Gansler Defends Decision Not to Stop Teen Party

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    NEWSLETTERS

    A photo of Maryland attorney general Doug Gansler at a Delaware beach party where there was suspected underage drinking going on was released today. Gansler says he was only at the party for a moment to speak with his son and saw no drinking. He believes the photo is a part of a smear campaign ahead of his bid for Maryland Governor.

    Doug Gansler, Maryland's attorney general and gubernatorial hopeful, Thursday defended his decision not to stop a teen beach party depicted in a recently published Instagram photo.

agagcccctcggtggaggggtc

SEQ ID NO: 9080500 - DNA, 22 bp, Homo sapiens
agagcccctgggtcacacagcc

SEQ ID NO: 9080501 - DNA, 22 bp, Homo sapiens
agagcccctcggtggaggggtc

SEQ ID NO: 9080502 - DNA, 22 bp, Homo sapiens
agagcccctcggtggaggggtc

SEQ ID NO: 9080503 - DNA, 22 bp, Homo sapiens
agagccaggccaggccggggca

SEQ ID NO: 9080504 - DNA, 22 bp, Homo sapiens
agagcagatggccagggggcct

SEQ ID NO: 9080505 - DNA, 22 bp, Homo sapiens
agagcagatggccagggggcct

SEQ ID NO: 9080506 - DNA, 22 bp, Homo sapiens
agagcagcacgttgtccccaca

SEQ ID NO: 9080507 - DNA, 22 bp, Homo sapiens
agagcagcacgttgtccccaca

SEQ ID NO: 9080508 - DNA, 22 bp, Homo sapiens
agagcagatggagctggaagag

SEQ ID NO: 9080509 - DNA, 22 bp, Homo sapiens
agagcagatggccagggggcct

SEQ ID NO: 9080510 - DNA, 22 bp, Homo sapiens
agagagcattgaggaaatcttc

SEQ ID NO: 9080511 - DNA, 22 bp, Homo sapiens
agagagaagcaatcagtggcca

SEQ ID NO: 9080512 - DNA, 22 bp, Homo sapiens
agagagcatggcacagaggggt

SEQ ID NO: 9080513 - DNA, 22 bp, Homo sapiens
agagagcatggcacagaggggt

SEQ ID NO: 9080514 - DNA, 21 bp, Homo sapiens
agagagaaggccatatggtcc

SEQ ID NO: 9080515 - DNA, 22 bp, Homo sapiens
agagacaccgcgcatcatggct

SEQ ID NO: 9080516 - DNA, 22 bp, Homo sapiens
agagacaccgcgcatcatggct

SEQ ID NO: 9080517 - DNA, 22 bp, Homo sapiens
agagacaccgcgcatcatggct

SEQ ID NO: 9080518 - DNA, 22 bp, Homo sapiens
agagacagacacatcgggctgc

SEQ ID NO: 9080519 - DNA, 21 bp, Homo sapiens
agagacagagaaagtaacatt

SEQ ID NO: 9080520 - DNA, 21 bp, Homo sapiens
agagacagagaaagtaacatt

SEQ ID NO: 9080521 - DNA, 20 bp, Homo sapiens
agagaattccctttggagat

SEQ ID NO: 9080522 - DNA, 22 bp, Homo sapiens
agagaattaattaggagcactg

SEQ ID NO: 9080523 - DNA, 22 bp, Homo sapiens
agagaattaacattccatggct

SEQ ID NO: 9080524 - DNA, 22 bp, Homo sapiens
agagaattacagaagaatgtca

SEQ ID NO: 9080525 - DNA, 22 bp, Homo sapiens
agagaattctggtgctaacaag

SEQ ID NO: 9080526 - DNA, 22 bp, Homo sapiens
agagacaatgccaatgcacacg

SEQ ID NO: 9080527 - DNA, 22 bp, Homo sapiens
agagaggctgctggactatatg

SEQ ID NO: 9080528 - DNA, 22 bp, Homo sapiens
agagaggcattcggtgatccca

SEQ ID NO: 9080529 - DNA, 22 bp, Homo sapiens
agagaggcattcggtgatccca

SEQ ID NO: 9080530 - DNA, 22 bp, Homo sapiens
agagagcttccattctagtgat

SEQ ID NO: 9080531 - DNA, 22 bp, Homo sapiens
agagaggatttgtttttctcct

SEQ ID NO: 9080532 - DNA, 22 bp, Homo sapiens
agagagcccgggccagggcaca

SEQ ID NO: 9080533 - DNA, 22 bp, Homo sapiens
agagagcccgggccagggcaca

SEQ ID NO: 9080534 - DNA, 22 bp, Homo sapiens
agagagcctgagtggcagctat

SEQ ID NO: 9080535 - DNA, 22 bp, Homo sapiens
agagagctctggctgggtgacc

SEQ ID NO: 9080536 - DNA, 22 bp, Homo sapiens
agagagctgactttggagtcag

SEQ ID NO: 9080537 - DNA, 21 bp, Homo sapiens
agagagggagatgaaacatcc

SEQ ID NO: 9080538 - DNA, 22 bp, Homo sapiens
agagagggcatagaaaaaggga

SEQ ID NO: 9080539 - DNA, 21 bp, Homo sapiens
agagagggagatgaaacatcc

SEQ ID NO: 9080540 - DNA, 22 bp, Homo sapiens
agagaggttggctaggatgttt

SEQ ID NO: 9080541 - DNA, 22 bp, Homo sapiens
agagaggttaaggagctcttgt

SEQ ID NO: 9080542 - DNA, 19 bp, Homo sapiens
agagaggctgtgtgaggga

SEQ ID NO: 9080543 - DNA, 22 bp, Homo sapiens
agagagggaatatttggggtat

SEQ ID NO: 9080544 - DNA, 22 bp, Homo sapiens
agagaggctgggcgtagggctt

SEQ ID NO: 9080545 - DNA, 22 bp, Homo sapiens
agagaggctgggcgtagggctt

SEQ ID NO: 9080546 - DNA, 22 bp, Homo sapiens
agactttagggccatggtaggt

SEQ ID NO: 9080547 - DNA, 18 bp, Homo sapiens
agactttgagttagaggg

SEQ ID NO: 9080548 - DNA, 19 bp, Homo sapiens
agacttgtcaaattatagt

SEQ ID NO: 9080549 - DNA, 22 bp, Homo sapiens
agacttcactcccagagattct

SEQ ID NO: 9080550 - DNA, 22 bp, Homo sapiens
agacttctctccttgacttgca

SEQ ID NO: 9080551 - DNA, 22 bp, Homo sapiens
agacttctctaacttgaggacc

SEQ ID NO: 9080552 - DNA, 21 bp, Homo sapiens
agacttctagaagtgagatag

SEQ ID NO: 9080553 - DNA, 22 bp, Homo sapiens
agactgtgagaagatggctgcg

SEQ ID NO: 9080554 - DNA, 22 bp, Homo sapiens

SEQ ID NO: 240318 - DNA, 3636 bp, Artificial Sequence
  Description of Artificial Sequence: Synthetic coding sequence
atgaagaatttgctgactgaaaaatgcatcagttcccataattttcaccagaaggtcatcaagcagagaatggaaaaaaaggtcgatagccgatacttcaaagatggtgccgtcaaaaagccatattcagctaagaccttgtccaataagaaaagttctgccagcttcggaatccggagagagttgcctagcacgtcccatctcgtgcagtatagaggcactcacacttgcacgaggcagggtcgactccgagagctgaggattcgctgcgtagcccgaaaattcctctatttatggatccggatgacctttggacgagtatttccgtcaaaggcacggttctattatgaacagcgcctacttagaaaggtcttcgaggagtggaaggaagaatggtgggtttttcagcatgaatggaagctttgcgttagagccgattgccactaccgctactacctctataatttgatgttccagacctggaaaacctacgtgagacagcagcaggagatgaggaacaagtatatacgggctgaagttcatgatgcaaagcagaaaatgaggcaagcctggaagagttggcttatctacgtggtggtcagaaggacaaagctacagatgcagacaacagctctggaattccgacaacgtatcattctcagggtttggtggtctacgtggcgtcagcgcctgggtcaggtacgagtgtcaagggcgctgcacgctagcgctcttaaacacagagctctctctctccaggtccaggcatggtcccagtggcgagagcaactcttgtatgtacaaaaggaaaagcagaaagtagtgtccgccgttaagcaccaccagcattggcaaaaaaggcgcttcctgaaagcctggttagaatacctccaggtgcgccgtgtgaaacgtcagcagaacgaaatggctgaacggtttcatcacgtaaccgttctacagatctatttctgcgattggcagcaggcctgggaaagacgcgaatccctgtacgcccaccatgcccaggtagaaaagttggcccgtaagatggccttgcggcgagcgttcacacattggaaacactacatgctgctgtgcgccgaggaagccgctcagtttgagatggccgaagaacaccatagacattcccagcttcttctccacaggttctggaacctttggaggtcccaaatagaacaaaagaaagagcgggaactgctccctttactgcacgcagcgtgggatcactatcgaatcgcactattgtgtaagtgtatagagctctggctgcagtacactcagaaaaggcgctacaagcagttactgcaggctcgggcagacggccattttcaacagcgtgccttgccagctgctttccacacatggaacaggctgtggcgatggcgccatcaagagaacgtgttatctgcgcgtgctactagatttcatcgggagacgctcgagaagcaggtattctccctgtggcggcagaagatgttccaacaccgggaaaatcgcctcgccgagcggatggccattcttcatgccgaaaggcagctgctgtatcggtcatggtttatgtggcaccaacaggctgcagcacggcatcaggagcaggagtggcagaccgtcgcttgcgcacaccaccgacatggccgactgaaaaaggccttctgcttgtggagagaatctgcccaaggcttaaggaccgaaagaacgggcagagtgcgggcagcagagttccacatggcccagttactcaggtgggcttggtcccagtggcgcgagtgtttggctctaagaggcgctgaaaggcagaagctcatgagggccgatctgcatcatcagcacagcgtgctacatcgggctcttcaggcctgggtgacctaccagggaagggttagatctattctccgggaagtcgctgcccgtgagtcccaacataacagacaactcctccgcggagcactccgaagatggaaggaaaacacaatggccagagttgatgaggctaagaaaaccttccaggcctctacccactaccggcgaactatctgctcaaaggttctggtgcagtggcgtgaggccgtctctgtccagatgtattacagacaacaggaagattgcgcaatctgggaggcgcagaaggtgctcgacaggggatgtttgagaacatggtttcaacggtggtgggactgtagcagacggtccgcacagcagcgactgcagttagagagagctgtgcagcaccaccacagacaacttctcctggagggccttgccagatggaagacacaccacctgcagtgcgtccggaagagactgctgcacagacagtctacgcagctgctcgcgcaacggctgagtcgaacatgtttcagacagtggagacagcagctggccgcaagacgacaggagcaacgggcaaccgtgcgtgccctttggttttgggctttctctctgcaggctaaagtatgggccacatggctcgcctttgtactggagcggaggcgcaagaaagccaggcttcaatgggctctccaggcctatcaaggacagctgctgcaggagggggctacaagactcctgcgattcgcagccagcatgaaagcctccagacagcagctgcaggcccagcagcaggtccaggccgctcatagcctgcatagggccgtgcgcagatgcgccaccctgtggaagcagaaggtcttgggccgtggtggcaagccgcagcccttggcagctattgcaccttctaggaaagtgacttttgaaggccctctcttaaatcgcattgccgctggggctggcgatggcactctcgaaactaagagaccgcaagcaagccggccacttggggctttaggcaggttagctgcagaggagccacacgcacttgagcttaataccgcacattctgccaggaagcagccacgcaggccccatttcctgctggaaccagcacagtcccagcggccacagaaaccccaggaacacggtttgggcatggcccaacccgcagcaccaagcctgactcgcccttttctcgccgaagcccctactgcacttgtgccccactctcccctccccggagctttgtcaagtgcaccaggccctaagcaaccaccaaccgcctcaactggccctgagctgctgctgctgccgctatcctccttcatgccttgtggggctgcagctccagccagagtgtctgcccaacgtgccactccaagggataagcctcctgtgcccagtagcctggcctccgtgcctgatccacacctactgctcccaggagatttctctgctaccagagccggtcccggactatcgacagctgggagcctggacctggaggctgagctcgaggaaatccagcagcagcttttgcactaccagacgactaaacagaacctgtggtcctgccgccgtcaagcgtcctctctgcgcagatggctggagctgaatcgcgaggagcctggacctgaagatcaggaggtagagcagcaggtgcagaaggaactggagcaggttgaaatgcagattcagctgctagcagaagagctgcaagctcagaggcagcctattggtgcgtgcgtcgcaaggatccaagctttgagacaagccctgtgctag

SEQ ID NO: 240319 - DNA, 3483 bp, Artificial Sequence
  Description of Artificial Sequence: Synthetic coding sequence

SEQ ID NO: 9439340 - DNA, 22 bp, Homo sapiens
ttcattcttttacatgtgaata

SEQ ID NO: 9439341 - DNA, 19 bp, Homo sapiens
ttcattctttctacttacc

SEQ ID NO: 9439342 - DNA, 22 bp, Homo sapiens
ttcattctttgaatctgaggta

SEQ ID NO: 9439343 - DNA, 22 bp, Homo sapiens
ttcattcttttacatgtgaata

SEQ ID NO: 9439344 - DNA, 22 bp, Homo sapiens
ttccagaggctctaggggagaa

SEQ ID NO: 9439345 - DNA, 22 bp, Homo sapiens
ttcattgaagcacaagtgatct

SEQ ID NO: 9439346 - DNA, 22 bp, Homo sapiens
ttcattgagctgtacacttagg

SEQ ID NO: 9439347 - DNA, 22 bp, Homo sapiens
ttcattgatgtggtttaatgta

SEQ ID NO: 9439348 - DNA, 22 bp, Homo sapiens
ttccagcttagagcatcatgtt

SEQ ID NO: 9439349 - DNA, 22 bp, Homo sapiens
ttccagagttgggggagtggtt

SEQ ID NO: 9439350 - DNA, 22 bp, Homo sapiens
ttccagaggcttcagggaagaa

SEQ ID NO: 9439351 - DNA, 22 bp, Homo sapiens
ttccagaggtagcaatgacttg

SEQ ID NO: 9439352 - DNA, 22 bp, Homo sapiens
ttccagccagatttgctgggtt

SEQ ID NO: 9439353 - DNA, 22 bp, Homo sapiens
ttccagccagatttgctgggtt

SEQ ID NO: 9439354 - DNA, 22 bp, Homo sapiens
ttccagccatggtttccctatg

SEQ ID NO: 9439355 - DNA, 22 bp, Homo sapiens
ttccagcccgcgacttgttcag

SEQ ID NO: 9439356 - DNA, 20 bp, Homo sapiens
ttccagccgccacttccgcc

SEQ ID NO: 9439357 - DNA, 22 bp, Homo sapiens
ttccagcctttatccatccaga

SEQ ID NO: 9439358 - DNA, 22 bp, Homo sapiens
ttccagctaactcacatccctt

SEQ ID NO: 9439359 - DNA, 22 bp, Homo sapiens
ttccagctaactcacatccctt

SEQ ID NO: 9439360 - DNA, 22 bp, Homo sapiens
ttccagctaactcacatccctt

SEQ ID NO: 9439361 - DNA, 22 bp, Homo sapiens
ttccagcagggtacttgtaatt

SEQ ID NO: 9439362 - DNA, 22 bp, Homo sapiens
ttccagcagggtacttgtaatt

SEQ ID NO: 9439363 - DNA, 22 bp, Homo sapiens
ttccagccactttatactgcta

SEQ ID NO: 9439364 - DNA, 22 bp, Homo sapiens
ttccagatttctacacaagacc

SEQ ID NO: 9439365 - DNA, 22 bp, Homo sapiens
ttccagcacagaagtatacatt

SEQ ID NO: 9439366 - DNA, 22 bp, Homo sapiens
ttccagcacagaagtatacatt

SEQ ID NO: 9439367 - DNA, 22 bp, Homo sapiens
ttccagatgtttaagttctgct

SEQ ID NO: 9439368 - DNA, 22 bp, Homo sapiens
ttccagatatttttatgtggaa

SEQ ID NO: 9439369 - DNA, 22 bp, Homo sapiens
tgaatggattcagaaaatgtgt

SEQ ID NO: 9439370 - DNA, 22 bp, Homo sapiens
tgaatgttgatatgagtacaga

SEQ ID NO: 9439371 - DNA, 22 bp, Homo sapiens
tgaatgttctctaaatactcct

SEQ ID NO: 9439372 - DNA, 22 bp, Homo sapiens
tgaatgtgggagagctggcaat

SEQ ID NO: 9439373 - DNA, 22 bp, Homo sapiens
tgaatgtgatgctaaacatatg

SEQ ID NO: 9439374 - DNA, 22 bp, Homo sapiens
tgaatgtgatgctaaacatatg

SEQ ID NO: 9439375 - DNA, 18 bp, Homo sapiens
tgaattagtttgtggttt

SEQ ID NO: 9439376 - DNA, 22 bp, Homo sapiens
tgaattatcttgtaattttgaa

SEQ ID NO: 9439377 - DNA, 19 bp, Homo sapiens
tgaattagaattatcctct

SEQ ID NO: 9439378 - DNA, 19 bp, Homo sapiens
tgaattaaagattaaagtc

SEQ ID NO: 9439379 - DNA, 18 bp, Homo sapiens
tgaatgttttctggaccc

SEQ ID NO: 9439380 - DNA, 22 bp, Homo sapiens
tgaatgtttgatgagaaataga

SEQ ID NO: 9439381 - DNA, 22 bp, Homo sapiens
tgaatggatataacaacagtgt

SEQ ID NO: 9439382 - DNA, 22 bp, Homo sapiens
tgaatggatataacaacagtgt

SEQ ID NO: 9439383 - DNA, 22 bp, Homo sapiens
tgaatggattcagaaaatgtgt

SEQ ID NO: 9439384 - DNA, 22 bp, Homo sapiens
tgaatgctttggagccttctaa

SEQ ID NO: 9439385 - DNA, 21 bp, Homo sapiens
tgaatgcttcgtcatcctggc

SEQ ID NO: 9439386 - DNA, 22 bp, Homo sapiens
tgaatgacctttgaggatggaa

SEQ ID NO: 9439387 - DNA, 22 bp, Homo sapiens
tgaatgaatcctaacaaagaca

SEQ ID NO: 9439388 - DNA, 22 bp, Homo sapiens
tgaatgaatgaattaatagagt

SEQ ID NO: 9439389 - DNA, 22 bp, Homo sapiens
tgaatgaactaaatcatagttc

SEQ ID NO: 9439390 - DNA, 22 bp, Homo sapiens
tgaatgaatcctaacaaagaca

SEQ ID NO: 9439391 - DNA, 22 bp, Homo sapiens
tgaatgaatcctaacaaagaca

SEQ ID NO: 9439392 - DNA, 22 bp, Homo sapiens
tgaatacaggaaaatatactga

In the picture, young people clad in bathing suits are seen dancing on tables while red cups litter the room. Looks like a wild high school Beach Week party -- and in the middle of the photo is a man running for governor of Maryland.

    "I wasn't the chief law enforcement in that state; I was there as a parent," Gansler said at a press event, explaining that he stopped in to talk to his 19-year-old son briefly. But he admitted he "should've done more" to determine whether there was underage drinking going on at the party.

    The photo was published by The Baltimore Sun Thursday. Gansler's son was one of the recent high school graduates who attended the South Bethany, Del., bash following high school graduation.

    Thursday afternoon, Gansler said if he had seen anyone at risk at the party, he would have tended to them and talked to the chaperones about stopping the party.

    "Perhaps I should have assumed there was drinking going on, and I got that wrong," Gansler said.